We surveyed the scene and decided to ride two rides - the Fairly Odd Coaster and the Log Chute. Yes, folks, the Mall of America has a log flume ride. Greg generously treated me to the rides as a belated birthday present (thanks again, Greg!) and we got in line for the roller coaster. We were behind a brother/sister pair in line; they were probably 10 or 11. We wound up riding with them in a car for four. We asked if they'd ridden the ride before and they had...several times. We told them we were newbies and that we were likely to scream. They laughed. 

It turns out, we weren't kidding. The Fairly Odd Coaster features individual cars that seat four (two rows facing each other) and the cars spin independently throughout the course of the ride. In short, the ride was an absolute hoot! Greg and I both screamed and laughed the entire time. At the very end of the ride, the car spins several times before returning to the loading/unloading area. That was a bit much for me, but thankfully it didn't last very long.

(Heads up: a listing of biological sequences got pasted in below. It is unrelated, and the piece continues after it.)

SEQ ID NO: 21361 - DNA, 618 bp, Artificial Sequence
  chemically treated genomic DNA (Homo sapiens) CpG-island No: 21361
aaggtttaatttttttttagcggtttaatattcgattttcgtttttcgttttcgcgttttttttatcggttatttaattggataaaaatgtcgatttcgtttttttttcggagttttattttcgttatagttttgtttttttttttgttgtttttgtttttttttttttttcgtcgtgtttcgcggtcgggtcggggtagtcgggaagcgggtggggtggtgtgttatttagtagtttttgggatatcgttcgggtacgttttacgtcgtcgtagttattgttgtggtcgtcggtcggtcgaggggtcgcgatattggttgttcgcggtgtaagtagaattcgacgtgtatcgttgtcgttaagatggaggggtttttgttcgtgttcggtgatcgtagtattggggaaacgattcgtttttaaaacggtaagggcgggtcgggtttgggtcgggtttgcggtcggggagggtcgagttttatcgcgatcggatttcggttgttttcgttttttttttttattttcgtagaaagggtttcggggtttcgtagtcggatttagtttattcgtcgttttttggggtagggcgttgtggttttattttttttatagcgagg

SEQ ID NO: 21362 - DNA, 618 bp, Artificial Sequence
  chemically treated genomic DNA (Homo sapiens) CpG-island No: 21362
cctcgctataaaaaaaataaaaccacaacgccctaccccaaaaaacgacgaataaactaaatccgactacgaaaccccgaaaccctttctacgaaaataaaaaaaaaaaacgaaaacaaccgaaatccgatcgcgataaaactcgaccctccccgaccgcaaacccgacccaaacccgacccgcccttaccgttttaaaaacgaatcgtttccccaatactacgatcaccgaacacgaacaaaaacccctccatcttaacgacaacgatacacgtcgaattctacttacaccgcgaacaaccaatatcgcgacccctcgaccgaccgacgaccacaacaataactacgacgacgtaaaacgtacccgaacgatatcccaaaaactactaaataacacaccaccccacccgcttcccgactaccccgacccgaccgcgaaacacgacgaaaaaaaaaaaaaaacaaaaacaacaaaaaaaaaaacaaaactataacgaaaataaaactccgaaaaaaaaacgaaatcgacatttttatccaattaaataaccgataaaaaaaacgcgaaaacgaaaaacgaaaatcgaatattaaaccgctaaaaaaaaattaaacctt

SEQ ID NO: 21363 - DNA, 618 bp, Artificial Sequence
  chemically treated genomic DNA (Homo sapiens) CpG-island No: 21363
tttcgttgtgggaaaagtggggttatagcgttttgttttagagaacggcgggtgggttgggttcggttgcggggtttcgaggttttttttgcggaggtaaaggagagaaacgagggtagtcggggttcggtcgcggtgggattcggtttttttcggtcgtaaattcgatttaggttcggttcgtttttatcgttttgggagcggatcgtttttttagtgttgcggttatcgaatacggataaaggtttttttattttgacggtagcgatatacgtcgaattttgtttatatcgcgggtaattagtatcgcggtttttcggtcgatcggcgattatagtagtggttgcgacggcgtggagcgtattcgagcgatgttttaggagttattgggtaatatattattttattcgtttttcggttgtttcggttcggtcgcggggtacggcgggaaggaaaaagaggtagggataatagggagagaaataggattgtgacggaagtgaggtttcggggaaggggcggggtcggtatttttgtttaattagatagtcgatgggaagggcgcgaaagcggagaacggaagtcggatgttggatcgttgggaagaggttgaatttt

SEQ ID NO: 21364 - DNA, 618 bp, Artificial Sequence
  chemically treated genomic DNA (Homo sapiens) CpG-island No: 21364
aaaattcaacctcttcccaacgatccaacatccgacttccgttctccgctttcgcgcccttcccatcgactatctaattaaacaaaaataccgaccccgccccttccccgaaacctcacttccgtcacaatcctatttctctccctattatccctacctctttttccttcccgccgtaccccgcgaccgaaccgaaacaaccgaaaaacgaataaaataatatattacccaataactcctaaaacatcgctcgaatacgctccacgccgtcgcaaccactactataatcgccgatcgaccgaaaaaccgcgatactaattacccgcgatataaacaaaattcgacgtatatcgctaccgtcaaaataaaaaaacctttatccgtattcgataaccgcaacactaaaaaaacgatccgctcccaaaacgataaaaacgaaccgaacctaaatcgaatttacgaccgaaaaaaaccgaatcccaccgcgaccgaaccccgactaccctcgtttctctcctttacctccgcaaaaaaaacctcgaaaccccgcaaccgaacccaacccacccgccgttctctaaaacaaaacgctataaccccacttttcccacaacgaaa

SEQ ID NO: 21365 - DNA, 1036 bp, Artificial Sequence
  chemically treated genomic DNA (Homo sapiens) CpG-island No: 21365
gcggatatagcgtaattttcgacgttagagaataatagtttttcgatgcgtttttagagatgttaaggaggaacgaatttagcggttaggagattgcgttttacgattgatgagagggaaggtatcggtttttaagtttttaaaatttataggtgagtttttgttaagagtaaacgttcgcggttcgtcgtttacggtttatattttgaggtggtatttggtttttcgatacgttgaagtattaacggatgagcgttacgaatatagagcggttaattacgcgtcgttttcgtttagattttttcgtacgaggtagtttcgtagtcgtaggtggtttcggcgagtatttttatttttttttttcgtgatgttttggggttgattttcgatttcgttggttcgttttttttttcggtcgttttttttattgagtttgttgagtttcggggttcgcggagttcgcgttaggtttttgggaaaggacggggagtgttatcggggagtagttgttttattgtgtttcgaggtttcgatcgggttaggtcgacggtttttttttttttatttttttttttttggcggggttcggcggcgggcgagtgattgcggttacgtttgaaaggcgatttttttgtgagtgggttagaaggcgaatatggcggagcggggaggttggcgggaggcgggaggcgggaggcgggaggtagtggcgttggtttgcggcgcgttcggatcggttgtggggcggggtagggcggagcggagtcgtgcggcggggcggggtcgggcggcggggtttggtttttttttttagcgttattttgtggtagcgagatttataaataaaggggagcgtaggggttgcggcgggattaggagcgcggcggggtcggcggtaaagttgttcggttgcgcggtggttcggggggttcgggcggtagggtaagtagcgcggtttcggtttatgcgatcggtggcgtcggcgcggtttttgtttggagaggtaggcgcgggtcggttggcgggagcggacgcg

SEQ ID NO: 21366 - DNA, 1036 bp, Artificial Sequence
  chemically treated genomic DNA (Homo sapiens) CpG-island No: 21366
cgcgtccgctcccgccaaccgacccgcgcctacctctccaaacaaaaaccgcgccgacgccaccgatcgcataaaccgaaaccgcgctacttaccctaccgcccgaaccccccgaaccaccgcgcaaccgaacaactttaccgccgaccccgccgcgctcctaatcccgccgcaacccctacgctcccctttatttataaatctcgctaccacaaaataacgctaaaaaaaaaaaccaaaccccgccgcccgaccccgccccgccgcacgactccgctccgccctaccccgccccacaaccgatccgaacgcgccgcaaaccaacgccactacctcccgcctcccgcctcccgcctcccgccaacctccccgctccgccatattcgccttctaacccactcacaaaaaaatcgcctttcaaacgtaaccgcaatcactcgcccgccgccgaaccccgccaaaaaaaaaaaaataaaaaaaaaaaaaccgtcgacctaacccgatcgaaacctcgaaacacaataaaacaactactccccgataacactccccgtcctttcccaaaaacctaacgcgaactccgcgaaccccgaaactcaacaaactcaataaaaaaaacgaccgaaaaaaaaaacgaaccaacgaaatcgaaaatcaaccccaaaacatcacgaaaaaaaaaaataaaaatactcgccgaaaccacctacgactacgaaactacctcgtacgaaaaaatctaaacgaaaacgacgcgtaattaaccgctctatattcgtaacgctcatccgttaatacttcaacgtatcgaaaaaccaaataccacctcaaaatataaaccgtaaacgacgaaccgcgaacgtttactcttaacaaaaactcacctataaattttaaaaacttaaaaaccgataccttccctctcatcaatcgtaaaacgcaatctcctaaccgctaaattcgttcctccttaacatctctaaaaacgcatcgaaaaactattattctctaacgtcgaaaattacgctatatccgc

After the Fairly Odd Coaster, it was time for the Log Chute. I'd venture to say it rivals Hersheypark's Coal Cracker! And it's inside a mall!!!

Greg took the front of the boat.

We got a little wet on the Log Chute, but - like the coaster - it was a lot of fun! We briefly debating staying at the Mall to grab a bite to eat, but decided that we wanted to return downtown to check out some of the restaurants we'd read about. 

On our return light rail ride (which was within 2.5 hours of our train ticket purchase, so we rode back on the same ticket), we decided to go to Hell's Kitchen (no association with the TV show) for a late dinner.We had a great waitress who suggested several unique-to-Hell's-Kitchen dishes. Greg opted for the ham and pear crisp sandwich and a cup of the soup of the day (tomato basil bisque). Since Hell's Kitchen started as a place that served breakfast, I chose my entree from the breakfast-all-day section of the menu. I ordered lemon ricotta hotcakes. Oh my word, they were delicious!!!